Charging infrastructure is also catching up. Battery production capacity in China has leapfrogged and is expected to rise from 15GWh (Giga Watt hours) in 2016 to 110GWh by 2020. Europe also looks set to expand its sustainable battery supply chain evident from the European Commission’s announcement of €100Bn investment in Lithium-ion battery (LiB) production capacity in October 2018. The European commission also expects another €50Bn to attain their goal of having a domestic LiB production supply to meet growing domestic EV demand.
Regulation remains the cornerstone of electric mobility
Generous subsidies and stringent regulations have helped drive much of the growth in EVs. However, we expect the incentives and subsidies to gradually phase out and regulation to remain at the forefront of EV adoption globally. After having subsidies in place for over a decade, the Chinese government now appears keen to wean the market off subsidies. With EV sales set to continue to rise, so will the cost of the subsidy. Consequently, China has indicated that the focus must shift towards cars with a more global appeal and is relying on range as the key metric for providing subsidies. China has reduced its subsidies for vehicles that travel less than 150km and is expected to fully phase these subsidies out by 2020. However, China is increasing subsidies for vehicles with a range of at least 400km by 10% to further spur EV development in the right direction. The Chinese National Reform and Development Commission (NRDC) is also implementing a cap-and- trade system, similar to the zero-emission vehicle (ZEV) credits introduced in California.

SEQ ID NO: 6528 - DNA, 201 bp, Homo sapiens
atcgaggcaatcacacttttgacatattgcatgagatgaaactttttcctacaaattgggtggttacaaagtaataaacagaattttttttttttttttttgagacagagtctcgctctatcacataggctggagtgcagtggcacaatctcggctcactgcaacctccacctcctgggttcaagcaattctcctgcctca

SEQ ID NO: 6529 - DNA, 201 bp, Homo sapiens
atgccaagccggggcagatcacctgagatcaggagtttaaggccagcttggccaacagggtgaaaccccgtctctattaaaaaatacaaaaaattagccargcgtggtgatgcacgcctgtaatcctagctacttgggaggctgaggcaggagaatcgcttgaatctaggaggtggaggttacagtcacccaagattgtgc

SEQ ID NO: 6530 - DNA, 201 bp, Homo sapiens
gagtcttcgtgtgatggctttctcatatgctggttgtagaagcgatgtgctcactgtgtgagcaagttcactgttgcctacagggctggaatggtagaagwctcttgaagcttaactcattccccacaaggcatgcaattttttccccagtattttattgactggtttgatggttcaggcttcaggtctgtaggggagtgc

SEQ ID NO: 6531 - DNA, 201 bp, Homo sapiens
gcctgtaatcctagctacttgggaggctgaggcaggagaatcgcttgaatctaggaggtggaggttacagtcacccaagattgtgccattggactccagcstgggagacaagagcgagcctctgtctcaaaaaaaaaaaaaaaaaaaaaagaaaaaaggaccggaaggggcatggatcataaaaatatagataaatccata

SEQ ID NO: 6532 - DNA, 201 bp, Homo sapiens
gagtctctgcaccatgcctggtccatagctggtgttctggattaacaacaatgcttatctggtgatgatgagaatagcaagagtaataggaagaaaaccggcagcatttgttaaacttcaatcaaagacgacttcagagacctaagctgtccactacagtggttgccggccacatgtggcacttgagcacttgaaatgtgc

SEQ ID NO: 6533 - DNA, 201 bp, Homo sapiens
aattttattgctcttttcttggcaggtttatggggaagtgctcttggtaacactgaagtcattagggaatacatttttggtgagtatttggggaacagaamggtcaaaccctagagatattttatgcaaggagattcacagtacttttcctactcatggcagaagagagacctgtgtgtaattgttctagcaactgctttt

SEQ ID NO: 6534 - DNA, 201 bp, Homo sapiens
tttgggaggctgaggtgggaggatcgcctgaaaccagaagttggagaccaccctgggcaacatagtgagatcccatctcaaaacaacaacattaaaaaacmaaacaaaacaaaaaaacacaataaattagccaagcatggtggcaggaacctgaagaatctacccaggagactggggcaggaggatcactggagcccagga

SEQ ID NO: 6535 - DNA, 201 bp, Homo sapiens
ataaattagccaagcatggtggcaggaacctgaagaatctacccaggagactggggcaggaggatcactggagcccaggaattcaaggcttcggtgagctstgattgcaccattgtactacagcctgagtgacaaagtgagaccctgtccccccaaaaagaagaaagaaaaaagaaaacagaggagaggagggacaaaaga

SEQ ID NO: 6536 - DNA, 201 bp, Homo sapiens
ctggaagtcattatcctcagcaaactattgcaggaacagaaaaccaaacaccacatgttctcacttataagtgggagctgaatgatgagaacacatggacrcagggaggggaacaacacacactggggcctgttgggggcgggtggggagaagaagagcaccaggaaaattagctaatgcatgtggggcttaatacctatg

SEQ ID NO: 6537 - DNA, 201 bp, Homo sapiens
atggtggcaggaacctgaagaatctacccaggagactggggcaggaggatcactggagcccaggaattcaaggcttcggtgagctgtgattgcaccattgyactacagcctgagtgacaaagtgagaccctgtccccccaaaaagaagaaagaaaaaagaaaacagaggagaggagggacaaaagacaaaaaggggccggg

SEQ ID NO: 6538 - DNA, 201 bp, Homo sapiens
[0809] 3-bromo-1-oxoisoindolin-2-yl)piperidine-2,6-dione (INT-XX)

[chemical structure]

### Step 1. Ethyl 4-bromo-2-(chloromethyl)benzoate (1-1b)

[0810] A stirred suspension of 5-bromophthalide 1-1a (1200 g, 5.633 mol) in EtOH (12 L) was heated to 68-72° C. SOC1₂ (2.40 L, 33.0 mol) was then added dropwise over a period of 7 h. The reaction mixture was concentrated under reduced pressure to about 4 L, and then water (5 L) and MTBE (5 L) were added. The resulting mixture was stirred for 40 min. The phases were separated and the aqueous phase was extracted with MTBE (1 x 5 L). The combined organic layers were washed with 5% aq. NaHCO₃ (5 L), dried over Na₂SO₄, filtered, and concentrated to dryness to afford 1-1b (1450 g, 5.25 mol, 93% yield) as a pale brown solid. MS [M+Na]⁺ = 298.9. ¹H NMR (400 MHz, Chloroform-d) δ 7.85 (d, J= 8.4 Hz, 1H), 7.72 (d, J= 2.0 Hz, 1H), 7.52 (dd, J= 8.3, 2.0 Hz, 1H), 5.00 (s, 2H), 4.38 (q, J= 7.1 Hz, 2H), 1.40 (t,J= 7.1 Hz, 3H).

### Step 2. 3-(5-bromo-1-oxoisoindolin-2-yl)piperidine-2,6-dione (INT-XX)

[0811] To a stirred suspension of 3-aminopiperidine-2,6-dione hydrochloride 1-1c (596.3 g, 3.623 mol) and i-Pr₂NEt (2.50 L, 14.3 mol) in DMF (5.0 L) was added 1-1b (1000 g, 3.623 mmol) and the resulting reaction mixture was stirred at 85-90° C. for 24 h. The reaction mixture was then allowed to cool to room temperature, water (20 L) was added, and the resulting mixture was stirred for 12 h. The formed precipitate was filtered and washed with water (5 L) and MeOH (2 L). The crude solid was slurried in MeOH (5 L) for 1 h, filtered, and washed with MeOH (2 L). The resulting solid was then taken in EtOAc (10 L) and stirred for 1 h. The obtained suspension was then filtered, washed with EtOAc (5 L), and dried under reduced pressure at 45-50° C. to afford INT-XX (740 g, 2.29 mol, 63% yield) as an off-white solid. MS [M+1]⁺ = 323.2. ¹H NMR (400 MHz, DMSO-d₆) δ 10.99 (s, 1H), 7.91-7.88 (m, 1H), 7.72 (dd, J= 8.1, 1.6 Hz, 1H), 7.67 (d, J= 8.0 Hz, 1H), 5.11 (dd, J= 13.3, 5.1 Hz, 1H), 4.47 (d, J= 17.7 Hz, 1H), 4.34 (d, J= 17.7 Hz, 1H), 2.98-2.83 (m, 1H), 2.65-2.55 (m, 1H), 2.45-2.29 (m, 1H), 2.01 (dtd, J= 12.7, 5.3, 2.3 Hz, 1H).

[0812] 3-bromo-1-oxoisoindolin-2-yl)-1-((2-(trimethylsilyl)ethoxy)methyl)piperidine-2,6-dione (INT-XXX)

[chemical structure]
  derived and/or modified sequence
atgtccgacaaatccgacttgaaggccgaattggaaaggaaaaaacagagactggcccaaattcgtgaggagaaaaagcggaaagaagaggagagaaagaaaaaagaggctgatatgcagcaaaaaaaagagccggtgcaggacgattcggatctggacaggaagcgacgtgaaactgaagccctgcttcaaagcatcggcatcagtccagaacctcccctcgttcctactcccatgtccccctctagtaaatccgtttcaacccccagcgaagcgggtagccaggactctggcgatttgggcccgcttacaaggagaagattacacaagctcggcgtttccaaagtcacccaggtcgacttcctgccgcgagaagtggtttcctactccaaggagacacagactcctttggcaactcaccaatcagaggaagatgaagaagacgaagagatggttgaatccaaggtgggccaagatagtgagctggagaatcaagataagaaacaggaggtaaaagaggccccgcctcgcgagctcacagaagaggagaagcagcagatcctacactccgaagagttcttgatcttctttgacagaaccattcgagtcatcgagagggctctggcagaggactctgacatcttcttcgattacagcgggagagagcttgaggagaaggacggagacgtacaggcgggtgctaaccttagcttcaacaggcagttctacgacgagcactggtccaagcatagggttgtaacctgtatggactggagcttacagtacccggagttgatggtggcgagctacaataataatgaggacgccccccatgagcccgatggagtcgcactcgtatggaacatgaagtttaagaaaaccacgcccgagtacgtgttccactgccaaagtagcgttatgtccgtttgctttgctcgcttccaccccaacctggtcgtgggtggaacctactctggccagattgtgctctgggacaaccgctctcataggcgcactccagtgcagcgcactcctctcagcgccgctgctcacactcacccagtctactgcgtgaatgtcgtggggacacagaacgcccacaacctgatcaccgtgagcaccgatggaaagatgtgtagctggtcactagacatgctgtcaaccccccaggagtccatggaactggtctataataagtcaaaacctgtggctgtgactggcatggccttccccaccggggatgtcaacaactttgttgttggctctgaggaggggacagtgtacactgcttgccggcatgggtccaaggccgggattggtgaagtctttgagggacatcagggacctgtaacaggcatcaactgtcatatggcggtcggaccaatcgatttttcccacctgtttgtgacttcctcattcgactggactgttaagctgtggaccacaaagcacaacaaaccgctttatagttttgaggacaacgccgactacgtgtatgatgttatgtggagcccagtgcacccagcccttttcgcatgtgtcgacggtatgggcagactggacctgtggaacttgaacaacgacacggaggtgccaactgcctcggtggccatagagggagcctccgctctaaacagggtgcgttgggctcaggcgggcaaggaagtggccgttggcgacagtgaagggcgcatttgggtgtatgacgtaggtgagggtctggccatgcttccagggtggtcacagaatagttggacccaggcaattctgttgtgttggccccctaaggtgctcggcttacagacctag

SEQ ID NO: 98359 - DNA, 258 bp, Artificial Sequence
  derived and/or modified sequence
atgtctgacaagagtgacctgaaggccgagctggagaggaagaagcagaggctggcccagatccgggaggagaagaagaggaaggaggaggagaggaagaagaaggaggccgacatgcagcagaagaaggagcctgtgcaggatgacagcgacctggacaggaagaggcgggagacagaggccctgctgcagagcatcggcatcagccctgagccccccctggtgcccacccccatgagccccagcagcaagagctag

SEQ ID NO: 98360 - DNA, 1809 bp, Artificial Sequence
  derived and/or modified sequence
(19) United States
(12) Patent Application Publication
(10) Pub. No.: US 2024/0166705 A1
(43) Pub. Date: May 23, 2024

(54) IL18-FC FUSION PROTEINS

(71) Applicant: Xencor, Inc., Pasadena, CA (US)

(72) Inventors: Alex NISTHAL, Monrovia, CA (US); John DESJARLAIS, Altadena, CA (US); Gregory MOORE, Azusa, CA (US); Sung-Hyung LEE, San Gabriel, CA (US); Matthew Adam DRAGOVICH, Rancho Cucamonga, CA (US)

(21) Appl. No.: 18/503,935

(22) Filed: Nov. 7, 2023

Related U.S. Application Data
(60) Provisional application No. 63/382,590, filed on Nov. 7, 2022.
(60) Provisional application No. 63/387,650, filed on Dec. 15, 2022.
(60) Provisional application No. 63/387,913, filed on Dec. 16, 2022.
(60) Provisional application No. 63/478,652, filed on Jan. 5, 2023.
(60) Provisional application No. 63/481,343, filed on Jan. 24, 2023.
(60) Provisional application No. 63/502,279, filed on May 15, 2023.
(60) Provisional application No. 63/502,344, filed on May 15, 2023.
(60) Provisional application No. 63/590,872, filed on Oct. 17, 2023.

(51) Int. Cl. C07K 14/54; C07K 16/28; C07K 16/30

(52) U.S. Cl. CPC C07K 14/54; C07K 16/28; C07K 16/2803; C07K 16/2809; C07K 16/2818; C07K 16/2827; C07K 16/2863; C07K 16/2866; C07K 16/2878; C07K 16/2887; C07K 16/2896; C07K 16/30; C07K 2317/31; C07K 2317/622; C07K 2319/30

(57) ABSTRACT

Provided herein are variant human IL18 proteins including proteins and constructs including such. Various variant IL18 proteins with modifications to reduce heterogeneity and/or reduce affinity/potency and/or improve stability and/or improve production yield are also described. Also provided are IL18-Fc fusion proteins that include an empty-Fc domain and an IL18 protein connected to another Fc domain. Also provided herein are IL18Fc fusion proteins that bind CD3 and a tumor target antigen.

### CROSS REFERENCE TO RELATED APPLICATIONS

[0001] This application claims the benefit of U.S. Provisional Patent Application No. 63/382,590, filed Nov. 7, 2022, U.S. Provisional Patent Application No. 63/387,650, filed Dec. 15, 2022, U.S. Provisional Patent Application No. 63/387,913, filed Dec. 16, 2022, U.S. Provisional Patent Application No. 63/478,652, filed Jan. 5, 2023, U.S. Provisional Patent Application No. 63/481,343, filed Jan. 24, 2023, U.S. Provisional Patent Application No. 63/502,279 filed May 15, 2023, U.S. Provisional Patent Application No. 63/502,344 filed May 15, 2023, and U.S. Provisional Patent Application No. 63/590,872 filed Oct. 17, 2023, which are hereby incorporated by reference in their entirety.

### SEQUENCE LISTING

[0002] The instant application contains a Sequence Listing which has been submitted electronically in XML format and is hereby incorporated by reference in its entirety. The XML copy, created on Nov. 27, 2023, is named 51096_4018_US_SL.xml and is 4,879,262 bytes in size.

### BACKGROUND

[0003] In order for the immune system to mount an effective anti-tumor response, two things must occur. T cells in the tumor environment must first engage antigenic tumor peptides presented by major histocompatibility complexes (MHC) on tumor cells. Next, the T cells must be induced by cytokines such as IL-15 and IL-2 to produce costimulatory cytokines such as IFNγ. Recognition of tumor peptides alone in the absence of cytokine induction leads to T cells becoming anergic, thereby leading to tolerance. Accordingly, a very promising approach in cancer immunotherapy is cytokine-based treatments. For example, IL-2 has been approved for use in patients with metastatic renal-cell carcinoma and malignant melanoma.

Meanwhile, Europe has embarked on aggressive greenhouse reduction regulations to meet the Paris Climate Agreement. It aims for 117gm/km average CO2 emissions by 2021, a further 15% reduction by 2025 and 37.5% reduction by 2030 for new vehicles.
Unlike the rest of the world, US government policies have been mixed over the last year. While the federal tax rebate remains in place for EVs, the recent tax legislation limited it to the first 200,000 plug-in EVs sold by a manufacturer. As soon as the threshold is attained, the incentives go away. Not only has the US pulled out of the Paris Climate Accord, but in April 2018 the Trump administration was intending to weaken future fuel-efficiency standards for the first time since they were adopted in 1975. Nonetheless, the America’s Pledge movement, led by California governor Jerry Brown and former New York mayor Michael Bloomberg, has pushed cities, states, business and universities to commit to lowering their emissions.
Figure 3: Leading EV markets backed by tighter regulations and generous subsidies
Source: Oliver Wyman, WisdomTree, data available as of close 22 March 2019
We expect the rapid pace of innovation in battery technology coupled with tighter regulation to speed up mass adoption of EVs. As adoption of EVs garner momentum they will have far reaching implications for commodities. We expect raw materials such as – nickel, copper, silver and smaller elements such as – cobalt and lithium to benefit from the uptake of EVs, which we will discuss in detail in the second part of our blog.
Sources for all data unless otherwise stated: Electric Vehicles World Sales Database as of 22 March 2019.
1 The Worldwide Harmonised Light Vehicle Test Procedure (WLTP) is used to measure fuel consumption and CO2 emissions from passenger cars, as well as their pollutant emissions.